Florida AG to Probe Falsified Foreclosures
Foreclosure Fraud is causing the Attorney General to investigate some Florida-based law firms to determine whether clerical error or intentional fabrication is the cause of growing problem. Foreclosures have been soaring since the economic downturn, however some of these foreclosures are said to be the product of fraudulent paperwork filed by banks seeking to prematurely foreclose on a property.
According to the St. Petersburg Times, law firms working for the banks fabricated necessary documents, including backdating assignments and falsifying notary seals in order to expedite the foreclosure process on many of their clients. Sandi Copes, spokesperson for the Florida AG is quoted in the Florida Times Union, "Our primary concern is that Florida homeowners have access to due process."
In backdating assignments, law firms are essentially assigning the bank a loan note that they are not entitled to. The effect of these falsified foreclosures is far reaching, as the firms are providing the necessary paperwork to seal a final foreclosure on a piece of property -- shortening the window that a homeowner has to pay their back mortgage payments and save their house. Each firm under investigation has been asked to provide documents relating to certain foreclosure cases. Florida AG is certain that they will be able to find the fraudulent offenses among the sea of paperwork.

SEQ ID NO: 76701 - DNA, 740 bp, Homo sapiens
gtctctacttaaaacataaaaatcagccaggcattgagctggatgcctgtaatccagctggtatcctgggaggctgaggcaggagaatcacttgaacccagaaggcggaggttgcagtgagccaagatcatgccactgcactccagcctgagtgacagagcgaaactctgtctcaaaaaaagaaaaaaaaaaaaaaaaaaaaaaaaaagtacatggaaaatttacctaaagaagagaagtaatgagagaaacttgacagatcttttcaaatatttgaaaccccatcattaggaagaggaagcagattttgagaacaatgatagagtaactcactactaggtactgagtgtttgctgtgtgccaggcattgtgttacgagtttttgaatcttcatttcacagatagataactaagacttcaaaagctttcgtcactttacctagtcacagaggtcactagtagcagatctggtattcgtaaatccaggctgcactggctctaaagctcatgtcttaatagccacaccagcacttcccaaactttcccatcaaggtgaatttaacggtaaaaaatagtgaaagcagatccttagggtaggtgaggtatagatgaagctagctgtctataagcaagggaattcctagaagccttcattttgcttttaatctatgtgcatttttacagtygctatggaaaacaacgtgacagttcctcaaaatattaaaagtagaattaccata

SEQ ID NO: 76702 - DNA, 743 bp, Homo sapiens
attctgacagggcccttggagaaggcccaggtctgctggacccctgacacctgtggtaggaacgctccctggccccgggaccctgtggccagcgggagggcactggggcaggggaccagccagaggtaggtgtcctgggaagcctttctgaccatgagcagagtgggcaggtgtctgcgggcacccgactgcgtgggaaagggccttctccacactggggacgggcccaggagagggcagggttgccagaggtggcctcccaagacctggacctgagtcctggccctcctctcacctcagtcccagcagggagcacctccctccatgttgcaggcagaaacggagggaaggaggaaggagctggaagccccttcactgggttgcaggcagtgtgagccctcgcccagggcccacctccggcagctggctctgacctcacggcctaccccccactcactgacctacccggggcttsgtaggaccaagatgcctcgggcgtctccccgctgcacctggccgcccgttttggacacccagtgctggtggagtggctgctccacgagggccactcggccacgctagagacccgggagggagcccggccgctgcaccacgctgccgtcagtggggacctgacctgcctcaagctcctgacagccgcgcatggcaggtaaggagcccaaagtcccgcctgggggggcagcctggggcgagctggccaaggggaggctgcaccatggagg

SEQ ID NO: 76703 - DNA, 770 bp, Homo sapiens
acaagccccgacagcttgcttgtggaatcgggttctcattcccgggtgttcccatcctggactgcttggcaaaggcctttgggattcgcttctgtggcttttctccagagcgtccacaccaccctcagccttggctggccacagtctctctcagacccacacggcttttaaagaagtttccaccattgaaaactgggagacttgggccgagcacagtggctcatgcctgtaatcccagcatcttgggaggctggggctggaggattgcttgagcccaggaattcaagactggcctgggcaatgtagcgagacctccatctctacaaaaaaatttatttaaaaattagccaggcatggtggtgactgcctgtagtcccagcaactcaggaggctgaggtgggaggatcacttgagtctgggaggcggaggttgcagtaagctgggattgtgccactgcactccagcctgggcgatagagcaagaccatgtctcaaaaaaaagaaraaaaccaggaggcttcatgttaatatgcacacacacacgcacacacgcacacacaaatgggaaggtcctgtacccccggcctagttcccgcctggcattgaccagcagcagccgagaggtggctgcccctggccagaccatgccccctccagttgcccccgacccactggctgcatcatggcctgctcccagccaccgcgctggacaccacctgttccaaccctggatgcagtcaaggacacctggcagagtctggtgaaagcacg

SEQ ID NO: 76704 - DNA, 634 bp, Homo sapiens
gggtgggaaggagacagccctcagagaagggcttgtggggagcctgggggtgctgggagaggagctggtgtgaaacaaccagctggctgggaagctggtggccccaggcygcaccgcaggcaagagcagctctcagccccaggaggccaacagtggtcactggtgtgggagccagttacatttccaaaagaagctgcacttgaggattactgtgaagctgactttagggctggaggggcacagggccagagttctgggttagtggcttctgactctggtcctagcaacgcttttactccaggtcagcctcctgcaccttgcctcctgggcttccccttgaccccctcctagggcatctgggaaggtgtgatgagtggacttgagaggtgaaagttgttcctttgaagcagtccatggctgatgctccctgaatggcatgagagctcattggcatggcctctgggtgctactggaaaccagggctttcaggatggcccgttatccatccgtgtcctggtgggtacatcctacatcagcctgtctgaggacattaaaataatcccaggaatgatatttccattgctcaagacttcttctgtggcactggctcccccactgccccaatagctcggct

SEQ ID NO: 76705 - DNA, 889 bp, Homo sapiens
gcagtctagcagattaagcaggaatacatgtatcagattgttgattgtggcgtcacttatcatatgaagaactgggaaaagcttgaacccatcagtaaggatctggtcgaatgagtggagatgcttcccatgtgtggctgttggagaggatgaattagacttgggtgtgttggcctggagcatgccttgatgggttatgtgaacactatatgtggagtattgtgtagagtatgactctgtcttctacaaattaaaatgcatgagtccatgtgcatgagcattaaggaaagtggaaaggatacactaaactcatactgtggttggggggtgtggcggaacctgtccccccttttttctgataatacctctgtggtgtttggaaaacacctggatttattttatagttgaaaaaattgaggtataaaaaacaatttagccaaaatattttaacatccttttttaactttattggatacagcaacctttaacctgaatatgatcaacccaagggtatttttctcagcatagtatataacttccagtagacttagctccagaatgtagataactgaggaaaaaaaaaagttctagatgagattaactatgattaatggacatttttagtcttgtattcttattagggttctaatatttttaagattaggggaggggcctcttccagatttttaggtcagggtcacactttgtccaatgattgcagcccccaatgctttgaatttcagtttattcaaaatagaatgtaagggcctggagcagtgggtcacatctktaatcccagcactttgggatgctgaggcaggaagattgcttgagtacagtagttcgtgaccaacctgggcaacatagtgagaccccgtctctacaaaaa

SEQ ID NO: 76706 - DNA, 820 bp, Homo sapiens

In the case of law firms connected with the foreclosure fraud, not only are there criminal penalties but there are also major consequences from the state bar, including fines, suspension, and even disbarment. The St. Petersburg Times reports that one lawyer under investigation has already been reprimanded by the Florida Bar for misleading and overcharging homeowners and his own clients.
Florida AG Unveils Foreclosure Mills Probe (Mother Jones)
Watch Out for Foreclosure Scams (FindLaw)
Walk Away from Mortgage or Bulldoze House? (FindLaw's Legally Weird)
- Real Estate Overview (provided by The Troglin Firm, P.C.)
- Will a debtor lose his home by filing bankruptcy? (provided by Rothschild & Ausbrooks, PLLC)